January 09, 2010

Zellio Toppazzini

Rhode Island is not the first state to come to mind when thinking of hockey history. But they do have a rich history, thanks to Providence's long association with the American Hockey League. The Reds joined the AHL in 1940, but actually predated the AHL all the way back to 1926. The Reds would cease to exist in 1977, but AHL hockey returned to Providence in 1992 when the Boston Bruins set up their farm team there.

The greatest name in Providence hockey history has to be "The Topper," Zellio Toppazzini.

Toppazzini played 12 seasons with the Providence Reds back in the 1950s and 1960s. The native of Copper Cliff, Ontario had his best season in 1955-56. Playing on a line with Paul Larivee and Camille Henry, he led the entire AHL in scoring, and led the Reds to the Calder Cup championship. He did it all with "his elegant and seemingly effortless style of play."

In his Rhode Island career he amassed 279 goals, 448 assists and 727 points in 650 regular season games, and another 16-28-44 in the playoffs. All are team records.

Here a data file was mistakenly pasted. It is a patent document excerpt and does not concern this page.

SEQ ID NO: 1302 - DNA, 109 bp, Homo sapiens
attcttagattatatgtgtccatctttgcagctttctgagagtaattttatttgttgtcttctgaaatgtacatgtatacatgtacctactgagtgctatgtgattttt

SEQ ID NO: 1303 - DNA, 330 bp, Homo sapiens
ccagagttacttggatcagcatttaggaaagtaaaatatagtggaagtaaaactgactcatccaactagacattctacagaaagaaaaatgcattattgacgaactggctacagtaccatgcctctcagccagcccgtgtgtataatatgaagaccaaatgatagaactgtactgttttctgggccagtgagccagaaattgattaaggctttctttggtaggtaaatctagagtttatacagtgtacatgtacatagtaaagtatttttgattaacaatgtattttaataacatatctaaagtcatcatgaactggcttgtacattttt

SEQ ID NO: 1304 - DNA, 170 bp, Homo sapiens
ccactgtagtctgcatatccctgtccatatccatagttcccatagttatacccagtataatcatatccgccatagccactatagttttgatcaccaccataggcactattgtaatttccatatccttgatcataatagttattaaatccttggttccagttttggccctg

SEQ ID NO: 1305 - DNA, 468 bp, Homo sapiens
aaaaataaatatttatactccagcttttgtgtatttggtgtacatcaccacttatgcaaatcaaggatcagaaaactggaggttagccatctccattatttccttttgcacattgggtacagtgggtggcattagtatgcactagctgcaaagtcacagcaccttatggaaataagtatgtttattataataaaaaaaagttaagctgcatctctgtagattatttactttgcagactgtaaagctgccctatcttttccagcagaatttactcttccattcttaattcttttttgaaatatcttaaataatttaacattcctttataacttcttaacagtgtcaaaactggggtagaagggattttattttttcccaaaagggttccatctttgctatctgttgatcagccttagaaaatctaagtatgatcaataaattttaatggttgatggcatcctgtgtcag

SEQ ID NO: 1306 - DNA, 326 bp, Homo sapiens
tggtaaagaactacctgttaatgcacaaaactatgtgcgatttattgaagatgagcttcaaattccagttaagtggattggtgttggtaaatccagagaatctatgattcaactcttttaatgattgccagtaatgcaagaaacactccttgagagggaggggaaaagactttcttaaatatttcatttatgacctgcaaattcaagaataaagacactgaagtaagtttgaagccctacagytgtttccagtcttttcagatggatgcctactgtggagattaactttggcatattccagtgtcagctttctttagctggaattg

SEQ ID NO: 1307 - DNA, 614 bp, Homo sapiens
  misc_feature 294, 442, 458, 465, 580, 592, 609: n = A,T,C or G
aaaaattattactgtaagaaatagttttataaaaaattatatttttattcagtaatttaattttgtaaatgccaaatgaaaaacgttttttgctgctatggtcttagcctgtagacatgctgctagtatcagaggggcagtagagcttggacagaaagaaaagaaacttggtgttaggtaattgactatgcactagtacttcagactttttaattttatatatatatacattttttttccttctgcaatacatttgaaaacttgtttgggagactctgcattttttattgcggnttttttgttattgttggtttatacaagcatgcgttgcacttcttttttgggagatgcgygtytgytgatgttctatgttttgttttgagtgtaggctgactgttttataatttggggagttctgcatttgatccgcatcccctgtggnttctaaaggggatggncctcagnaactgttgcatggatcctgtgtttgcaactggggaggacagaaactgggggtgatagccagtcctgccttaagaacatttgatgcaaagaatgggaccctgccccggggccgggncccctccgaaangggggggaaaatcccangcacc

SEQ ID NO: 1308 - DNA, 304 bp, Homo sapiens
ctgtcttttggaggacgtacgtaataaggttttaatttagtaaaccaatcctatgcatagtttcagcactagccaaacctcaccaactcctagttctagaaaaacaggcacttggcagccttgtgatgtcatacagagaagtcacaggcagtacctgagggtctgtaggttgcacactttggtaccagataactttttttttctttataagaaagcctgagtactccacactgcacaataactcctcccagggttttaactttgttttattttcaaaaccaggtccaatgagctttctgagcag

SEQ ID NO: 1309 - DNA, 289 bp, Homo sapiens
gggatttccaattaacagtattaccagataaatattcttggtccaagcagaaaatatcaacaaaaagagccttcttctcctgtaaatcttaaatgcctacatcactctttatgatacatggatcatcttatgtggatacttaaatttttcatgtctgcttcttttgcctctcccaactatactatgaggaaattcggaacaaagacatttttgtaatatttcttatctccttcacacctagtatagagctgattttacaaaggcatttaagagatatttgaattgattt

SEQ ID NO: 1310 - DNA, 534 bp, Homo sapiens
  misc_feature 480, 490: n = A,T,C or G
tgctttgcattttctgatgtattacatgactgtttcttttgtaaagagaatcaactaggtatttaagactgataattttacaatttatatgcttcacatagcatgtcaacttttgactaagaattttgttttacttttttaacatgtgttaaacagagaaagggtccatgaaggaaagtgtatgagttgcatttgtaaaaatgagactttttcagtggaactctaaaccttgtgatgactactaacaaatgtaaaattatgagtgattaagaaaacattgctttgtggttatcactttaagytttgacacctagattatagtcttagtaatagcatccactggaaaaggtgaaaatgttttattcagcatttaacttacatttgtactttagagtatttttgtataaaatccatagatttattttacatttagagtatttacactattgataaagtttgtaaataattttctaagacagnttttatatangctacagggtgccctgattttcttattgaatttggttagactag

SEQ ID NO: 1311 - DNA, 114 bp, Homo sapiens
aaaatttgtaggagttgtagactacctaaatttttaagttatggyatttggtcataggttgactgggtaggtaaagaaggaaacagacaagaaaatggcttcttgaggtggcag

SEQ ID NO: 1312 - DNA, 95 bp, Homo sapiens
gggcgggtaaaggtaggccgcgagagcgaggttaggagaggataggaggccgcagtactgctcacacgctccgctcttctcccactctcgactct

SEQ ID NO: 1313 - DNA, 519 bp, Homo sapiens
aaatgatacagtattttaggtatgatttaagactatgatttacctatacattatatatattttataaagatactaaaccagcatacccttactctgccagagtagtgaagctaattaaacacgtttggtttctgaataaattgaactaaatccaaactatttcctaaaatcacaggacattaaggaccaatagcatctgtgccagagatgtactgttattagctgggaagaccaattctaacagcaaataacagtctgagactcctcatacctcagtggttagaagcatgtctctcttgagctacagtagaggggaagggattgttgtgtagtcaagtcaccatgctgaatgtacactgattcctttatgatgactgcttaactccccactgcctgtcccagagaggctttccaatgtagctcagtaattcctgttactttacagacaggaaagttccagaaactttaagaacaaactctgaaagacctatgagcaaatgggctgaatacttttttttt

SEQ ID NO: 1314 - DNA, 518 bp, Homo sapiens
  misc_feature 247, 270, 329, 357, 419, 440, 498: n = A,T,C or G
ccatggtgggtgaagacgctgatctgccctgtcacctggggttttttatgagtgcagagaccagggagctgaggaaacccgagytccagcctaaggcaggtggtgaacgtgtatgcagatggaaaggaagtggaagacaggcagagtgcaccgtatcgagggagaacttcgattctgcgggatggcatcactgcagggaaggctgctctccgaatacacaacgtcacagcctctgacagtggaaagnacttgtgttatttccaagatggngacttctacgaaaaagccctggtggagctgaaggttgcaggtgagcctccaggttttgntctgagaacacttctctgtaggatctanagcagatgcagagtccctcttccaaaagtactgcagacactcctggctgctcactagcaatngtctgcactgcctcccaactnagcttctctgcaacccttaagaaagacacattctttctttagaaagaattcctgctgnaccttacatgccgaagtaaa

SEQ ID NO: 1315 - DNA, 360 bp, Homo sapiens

The Reds' Heritage Society
named Topper as Providence's player of the 20th century, and even honoured as such by the Rhode Island House of Representatives and Senate.

Upon retiring from hockey Topper made Rhode Island his home. He first tried his hand coaching at Providence's other legendary hockey team - the Providence College Friars - but was replaced by Lou Lamoreillo. Toppazzini would become a sales rep for an automotive parts company while staying in the game as a highly respected referee at the youth and high school level.

Of course, Zellio had his chance in the NHL, but unlike his brother Jerry he never really stuck. He played in 123 NHL games with Boston, New York and Chicago.


Anonymous said...

Would have been and could been an all-time great in the NHL as well.
Big, strong, tough athlete and a very clean player who respected the game well before respecting the game was popular. Had the Rangers not dealt Topper to Providence he may have very well become a New York Ranger Legend.

Anonymous said...

Back in the 50's there was no difference between the quality of players in the NHL and AHL...this is why NHL teams traded with AHL teams. Topper was a true gentleman on and off the ice.

Look at Toppers numbers as a 19 year old with the Rangers. Had he stayed in NY there's no question he would have been a New York Ranger Legend as he was in Providence.

The Rat said...

Confirm or deny: this is the same guy who started the Topper's Pizza chain? That's what I've heard, but I can't find anything on their web site about it.

Anonymous said...

According to a close family member of his, he did not start the Topper's pizza chain. Sorry to disappoint you!!!